We will take Mr. Amsterdam at his word when he says that he is Mr. Thaksin's lawyer. But it may seem a little odd for him to be defending someone who has already been convicted. Nevertheless, Mr. Amsterdam has a history of doing just that. While one of his previous clients, Mr. Khordokhovsky of the Yukos case, was already in jail, he went on a international whitewashing binge. He was, in effect, Khordokhovsky's lobbyist, not his lawyer. His efforts were not entirely effective, however. There is no reason his methods would work any better now, unless we allow them to. Nevertheless, there is a real danger that Thailand's government will miss the point, rise to the bait, and waste a lot of valuable time trying "handle" Amsterdam's posturings.
I'm not a lawyer. Therefore, I see no reason to answer point for point, as a lawyer would. Rather, I would like to respond as a novelist. Because Amsterdam's White Paper is as fictitious as any novel. But if it somehow manages to illuminate some fundamental truth, it may still be considered valid. And that is the question we need to answer: is it valid? is it necessary? or are we simply being distracted from what we should be looking at?
So let's start by cutting to the chase. Who is Mr. Amsterdam working for, and what is the actual purpose of this so-called White Paper? The answer, of course, is that his employer is Mr. Thaksin, and Mr. Amsterdam has been employed to rehabilitate his boss's reputation with the eventual goal of returning him to Thailand with his wealth intact and without having to suffer any prison time.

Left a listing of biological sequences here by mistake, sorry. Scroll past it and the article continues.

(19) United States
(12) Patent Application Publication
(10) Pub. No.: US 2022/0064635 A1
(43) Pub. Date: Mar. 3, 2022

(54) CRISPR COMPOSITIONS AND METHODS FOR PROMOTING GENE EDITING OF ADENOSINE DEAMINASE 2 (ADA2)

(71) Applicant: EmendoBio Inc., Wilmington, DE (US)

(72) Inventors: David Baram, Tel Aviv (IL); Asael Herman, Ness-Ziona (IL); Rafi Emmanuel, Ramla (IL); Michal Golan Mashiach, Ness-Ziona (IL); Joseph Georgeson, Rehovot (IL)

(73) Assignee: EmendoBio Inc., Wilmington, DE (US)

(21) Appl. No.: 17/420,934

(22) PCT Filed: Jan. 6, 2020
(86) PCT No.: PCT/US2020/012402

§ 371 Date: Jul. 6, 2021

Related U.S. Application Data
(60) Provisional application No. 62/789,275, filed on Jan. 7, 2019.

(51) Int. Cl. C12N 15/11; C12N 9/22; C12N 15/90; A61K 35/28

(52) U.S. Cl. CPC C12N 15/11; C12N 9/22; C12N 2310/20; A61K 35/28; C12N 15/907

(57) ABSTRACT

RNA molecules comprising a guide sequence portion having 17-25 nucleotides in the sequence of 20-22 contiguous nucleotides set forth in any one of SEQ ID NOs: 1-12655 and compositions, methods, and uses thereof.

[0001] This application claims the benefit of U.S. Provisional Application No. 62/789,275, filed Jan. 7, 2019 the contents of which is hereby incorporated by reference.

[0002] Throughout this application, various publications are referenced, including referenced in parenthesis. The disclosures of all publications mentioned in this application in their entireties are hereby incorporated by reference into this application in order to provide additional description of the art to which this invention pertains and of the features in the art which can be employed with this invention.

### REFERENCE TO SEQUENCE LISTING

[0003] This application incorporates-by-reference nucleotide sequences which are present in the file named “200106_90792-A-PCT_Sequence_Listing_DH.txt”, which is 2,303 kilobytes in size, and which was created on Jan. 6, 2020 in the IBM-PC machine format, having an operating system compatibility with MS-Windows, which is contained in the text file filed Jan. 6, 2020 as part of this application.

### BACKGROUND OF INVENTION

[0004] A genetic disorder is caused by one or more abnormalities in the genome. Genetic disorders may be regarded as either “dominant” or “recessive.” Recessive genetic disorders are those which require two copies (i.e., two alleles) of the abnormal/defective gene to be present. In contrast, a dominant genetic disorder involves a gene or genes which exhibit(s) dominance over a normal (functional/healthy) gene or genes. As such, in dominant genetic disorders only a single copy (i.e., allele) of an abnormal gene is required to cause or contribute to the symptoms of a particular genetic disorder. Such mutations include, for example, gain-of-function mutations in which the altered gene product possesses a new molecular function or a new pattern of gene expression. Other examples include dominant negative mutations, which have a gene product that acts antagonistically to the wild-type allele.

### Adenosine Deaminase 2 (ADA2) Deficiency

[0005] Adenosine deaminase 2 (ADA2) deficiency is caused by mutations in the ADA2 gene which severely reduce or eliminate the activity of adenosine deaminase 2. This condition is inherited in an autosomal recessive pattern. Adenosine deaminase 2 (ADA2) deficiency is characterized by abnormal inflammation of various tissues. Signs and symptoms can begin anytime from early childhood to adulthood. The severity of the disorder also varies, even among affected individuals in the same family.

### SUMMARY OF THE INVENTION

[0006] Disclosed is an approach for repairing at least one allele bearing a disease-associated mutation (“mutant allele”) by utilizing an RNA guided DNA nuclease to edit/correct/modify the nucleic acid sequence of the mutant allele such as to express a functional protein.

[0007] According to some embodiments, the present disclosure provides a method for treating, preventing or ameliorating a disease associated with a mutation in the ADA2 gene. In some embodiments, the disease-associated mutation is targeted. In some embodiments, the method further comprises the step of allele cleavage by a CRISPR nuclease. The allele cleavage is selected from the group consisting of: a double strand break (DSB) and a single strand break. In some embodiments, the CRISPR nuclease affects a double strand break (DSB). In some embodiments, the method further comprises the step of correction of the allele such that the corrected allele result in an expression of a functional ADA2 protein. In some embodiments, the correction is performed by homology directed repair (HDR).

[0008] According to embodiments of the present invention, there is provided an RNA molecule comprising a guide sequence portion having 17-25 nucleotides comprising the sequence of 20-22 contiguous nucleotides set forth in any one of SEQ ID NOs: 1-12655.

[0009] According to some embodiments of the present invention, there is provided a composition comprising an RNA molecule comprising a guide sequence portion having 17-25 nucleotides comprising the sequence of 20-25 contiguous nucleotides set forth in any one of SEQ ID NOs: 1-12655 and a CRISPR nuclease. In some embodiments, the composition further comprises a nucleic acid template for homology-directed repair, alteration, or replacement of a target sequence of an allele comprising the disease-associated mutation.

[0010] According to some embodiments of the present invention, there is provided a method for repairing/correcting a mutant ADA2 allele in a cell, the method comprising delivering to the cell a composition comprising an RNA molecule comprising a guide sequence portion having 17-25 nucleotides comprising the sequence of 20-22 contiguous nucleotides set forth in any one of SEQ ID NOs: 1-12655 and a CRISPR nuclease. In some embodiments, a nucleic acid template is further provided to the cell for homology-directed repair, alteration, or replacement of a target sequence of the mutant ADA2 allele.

Once we understand that the White Paper is not actually a serious call for this government to come to account, nor a genuine, balanced analysis of the political situation in Thailand, but simply one of the tools Mr. Amsterdam has fashioned in order to realize his employer's goals, it will all make very much more sense.
Let us examine this piece of Mr. Amsterdam's arsenal for what it is. You are the jury. Cutting through the PR and the rhetoric, Mr. Thaksin is, at present, a condemned criminal on the lam. The governments of the major powers have accepted the findings of Thailand's legal system. And by hiring Mr. Amsterdam, Mr. Thaksin himself has acknowledged what the terms of discourse are. It is up to Mr. Amsterdam to shift the war back to more congenial turf.
What are the methods by which a lawyer gets a rapist, corrupt politician, or mafia don off the hook? Well, there are several main ones, and the White Paper uses every single one of them.